Customs Brokers are defined as “third parties” in the meaning of any person who deals directly with the Customs, for and on behalf of another person, relating to the importation, exportation, movement or storage of goods.
While performing several activities on behalf of traders, licensed Customs brokers have to meet several obligations and liabilities depending on national legislation and regulations.
Licensed Customs brokers may act only under the proper authorisation or agreement from/with the trader.
Licencing/accreditation requirements include sound knowledge of Customs laws and other regulatory requirements; clean track records in terms of security and other compliance matters; financial solvency – surety bond, security deposit; minimum educational qualification; specified working experience; in some cases, a written and/or oral examination and even minimum hours of training. Some administrations also prescribe certain licensing obligations for brokers in respect of business ethics and professional conduct; due diligence on clients; and /or correctness of information provide.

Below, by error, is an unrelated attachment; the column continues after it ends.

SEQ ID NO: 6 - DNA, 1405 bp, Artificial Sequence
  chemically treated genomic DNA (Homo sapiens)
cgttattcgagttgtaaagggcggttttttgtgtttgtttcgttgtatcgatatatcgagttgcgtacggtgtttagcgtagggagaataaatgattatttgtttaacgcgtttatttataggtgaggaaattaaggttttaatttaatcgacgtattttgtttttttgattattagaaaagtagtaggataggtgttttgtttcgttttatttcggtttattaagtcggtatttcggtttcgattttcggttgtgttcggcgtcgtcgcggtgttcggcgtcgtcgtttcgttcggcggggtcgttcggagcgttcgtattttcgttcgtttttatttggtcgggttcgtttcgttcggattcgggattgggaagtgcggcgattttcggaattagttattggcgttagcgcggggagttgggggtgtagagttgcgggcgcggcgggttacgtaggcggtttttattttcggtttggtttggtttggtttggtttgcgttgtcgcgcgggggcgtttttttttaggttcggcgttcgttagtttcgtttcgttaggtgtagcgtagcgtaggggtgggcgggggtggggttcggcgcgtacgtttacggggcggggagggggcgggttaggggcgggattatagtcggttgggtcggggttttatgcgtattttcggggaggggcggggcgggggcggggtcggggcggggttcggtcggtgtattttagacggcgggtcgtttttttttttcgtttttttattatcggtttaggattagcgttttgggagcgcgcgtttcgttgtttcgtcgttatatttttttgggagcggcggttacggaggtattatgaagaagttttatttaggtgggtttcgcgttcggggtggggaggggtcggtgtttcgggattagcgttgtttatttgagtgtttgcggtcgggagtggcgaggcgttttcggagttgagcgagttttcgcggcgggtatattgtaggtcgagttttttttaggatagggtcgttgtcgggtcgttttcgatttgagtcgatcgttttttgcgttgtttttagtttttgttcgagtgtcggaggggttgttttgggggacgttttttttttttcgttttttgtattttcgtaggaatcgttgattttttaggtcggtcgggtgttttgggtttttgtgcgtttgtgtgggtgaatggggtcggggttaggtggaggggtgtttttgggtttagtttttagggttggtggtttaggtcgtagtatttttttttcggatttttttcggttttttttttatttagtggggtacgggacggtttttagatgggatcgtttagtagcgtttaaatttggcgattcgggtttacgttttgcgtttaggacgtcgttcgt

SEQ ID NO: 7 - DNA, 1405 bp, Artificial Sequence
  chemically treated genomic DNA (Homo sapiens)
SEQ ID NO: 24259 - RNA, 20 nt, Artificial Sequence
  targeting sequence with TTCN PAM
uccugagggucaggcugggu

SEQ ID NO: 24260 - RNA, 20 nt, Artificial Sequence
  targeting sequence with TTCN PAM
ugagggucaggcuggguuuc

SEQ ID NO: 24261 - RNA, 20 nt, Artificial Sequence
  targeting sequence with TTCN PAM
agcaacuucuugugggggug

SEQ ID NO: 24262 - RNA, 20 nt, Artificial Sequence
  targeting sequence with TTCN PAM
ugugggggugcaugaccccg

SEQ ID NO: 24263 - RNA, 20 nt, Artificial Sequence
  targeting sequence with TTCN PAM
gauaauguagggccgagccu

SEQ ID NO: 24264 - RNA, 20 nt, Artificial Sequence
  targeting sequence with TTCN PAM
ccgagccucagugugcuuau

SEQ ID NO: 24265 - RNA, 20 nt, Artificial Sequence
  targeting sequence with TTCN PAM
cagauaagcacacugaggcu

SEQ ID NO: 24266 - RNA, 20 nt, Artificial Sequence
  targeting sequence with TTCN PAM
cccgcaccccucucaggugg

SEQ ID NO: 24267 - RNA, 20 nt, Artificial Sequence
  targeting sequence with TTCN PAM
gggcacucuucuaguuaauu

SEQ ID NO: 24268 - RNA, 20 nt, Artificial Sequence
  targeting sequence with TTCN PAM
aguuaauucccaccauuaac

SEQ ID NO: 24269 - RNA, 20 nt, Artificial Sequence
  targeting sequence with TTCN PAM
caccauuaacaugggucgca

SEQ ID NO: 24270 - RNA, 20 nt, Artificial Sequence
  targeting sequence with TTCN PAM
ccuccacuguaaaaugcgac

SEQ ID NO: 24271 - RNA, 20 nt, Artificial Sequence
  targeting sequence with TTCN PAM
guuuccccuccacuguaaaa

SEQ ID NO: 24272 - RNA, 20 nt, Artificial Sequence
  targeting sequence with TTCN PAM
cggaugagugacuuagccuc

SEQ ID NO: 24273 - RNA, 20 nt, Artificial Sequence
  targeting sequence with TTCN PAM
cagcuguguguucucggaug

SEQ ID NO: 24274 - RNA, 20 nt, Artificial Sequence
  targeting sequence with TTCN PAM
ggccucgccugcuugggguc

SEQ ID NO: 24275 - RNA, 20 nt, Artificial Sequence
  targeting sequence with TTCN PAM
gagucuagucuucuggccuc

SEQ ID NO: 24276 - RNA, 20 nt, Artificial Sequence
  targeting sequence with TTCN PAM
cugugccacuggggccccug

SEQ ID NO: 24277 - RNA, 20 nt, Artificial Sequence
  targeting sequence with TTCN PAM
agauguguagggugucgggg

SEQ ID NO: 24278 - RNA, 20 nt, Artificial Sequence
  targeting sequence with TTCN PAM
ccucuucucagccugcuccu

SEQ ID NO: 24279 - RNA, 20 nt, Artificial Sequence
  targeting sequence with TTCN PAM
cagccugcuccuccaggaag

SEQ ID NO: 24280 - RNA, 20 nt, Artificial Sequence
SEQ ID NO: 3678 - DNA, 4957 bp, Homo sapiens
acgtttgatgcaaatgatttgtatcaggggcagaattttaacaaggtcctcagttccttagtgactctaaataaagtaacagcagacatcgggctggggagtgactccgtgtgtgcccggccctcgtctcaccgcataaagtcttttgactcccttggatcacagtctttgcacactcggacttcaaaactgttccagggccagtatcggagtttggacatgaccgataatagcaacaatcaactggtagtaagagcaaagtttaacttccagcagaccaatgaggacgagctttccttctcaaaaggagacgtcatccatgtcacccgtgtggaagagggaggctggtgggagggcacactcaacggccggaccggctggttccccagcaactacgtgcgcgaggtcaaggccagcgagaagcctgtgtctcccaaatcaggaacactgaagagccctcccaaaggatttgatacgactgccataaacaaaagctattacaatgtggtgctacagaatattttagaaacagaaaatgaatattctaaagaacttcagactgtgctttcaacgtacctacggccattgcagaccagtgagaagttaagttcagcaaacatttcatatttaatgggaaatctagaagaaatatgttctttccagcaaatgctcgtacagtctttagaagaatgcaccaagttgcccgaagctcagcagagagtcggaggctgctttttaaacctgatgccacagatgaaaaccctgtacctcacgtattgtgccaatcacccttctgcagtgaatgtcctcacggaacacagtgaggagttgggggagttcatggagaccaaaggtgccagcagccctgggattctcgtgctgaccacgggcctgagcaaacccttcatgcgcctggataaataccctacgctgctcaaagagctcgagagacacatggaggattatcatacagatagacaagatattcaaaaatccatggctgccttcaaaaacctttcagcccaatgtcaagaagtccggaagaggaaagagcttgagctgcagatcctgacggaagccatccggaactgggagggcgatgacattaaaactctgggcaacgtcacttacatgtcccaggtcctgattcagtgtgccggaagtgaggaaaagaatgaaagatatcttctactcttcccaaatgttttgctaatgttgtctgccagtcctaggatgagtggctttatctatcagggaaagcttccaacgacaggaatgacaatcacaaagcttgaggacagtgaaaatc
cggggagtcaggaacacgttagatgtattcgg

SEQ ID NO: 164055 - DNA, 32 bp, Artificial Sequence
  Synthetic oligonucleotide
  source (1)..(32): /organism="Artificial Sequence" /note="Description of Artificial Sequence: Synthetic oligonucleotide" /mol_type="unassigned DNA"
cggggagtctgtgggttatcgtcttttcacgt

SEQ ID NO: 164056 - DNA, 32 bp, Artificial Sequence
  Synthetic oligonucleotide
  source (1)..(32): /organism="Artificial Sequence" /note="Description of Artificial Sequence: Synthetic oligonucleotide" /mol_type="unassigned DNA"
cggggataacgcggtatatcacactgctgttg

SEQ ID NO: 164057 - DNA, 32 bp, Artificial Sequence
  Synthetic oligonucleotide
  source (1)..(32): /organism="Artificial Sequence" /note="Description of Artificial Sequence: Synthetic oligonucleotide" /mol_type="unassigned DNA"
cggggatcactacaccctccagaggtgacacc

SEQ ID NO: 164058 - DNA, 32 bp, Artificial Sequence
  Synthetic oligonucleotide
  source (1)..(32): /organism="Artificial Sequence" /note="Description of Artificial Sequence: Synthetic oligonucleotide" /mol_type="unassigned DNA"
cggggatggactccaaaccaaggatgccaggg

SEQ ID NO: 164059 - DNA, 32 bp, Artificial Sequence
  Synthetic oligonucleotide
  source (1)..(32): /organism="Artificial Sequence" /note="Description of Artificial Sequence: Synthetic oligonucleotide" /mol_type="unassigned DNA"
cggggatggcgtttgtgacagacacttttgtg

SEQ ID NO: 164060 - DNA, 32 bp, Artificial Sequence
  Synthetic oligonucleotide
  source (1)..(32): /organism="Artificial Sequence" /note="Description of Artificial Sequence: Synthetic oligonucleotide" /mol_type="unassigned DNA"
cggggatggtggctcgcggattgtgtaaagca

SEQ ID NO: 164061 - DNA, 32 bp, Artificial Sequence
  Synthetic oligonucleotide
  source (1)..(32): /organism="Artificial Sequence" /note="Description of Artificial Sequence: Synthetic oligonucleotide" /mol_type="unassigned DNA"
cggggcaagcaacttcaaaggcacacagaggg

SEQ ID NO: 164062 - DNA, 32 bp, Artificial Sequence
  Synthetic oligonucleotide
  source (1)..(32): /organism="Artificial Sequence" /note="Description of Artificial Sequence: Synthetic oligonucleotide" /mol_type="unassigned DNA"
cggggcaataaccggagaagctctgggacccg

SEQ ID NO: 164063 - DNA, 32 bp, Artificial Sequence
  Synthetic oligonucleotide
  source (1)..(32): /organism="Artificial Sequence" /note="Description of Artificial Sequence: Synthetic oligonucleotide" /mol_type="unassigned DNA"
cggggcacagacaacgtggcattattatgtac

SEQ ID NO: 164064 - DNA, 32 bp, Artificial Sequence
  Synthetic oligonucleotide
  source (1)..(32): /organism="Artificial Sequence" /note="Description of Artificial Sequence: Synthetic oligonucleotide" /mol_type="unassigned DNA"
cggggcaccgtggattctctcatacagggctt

Customs brokers generally act as an intermediary between traders and Customs in Customs Clearance processes. Broker’s knowledge of Customs laws and processes in addition and Customs. While Brokers support traders by providing all necessary documentation, and undertaking formalities related to cargo clearance, Customs brokers are also expected to maintain government interests by ensuring compliance with Customs and other regulatory requirements and the collection of appropriate duties and taxes.